During the last 40 years various groups have convened study after study. Each of these studies offered useful suggestions of how to improve government acquisition. But what has been seriously lacking is a government cadre of properly educated and experienced business managers, financial experts, engineers and scientists to provide the essential oversight.
The Defense Department announced it plans to hire 20,000 additional professionals. This goal is quantitatively overly ambitious and misses the requirement that these new hires be well qualified. To attempt this massive hiring could result in degrading the acquisition corps. The current qualification criteria and hiring process will prevent the desired quality goal from being achieved.
Most of the career fields only require a four-year degree from an accredited institution. The Level III PM (program manager) certification does not even require a formal education. Instead, the focus is on completing the required Defense Acquisition University (DAU) coursework or having years of actual experience. In all cases, the Service Acquisition Executive is authorized to waive the requirements for any given individual who “possesses significant potential for advancement to levels of greater responsibility and authority, based on demonstrated analytical and decision making capabilities, job performance, and qualifying experience,” says 10 USC Sec. 1732. This exception is an unacceptable criteria for key positions in the acquisition process.
The recently published Gansler Commission Report directly tied a lack of acquisition professionals to problems with contingency contracting support. The report attributed some of the cost overruns and schedule delays on large programs to a lack of qualified acquisition professionals to oversee the process.
Overruns and delays have created great concern in Congress. Members are witnessing continual program delays and large cost increases on virtually every major weapon system. Congress addressed the problem by passing the 2009 Weapon Systems Acquisition Reform Act. The primary focus was on realistic cost estimates, forcing enhanced oversight of troubled programs, and a renewed push of the use of more mature technologies and increased competitive prototyping. The law also addressed the lack of the necessary levels of qualified personnel in the acquisition work force.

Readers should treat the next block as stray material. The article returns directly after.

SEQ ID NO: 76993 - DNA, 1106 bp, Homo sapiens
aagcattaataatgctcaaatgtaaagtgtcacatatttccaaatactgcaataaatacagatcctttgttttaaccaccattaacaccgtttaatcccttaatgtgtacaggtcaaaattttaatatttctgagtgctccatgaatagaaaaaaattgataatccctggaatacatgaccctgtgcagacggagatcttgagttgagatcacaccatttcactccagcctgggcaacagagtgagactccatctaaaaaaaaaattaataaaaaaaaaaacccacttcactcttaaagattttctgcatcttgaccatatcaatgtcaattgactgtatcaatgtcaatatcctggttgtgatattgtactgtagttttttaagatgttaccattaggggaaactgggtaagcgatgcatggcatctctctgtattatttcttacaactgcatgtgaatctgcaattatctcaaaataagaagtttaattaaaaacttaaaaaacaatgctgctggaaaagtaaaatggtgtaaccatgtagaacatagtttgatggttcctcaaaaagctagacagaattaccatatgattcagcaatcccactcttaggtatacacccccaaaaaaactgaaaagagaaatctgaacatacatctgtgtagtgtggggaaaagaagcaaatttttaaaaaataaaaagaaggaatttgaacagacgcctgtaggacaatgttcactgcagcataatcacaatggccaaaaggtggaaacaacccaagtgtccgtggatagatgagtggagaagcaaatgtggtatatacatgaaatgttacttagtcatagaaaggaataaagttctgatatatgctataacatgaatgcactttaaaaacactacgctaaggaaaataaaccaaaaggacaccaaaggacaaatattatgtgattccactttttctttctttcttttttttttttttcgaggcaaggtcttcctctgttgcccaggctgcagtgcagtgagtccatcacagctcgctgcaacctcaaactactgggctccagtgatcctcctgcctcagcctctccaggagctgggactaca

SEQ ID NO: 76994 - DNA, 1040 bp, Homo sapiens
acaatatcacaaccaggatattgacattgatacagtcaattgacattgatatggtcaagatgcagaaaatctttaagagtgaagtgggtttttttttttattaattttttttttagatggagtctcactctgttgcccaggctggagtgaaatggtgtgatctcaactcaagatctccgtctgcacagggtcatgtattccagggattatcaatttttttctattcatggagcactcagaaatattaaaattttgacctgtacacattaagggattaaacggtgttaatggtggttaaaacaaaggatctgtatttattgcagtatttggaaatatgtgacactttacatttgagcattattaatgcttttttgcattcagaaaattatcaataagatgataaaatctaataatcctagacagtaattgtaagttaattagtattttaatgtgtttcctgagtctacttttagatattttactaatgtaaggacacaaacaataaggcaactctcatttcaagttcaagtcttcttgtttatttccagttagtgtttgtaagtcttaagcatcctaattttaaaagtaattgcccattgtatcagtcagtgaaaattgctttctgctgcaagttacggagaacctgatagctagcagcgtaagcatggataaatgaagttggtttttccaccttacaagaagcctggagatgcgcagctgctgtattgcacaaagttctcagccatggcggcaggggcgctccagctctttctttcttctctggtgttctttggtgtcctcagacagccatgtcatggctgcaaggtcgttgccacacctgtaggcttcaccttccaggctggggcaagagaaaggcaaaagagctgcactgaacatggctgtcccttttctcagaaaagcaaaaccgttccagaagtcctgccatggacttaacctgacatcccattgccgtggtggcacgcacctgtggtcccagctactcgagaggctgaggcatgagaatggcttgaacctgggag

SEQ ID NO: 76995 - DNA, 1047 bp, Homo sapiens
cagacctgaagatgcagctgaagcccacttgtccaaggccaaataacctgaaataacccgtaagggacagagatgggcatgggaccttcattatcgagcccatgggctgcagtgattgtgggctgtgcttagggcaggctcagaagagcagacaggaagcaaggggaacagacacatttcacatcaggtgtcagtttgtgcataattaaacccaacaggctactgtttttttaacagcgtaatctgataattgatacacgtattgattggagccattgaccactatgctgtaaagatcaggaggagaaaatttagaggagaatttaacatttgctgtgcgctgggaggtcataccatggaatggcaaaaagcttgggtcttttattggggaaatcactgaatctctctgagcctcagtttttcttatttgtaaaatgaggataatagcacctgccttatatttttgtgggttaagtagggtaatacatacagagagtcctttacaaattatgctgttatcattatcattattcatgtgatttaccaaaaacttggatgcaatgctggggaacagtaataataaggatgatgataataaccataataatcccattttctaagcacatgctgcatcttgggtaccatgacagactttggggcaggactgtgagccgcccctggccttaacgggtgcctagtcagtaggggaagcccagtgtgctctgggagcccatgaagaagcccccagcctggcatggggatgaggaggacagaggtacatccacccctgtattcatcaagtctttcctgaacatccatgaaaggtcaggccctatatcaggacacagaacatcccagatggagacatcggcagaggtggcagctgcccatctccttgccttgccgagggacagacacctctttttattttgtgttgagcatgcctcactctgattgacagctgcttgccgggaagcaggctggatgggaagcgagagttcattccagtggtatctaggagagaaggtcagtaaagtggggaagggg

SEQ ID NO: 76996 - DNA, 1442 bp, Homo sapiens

The intended goal of hiring 20,000 additional acquisition professionals is to help to alleviate at least the workload issues with oversight requirements. But increasing the numbers will not work unless the new hires are qualified. To achieve the needed quality, the hiring process must be modified.
The primary hurdle is archaic hiring. In the current job market, there are large numbers of recent college graduates who would be qualified for and interested in a government acquisition career. The National Security Personnel System (NSPS) pay banding system has made government salaries more competitive than ever before. Unfortunately, the NSPS will be terminated at the end of 2010, and it is not yet known whether the trend will continue when it’s replaced. There are also significant numbers of people in industry who are uniquely qualified and interested in moving to an acquisition career with the government.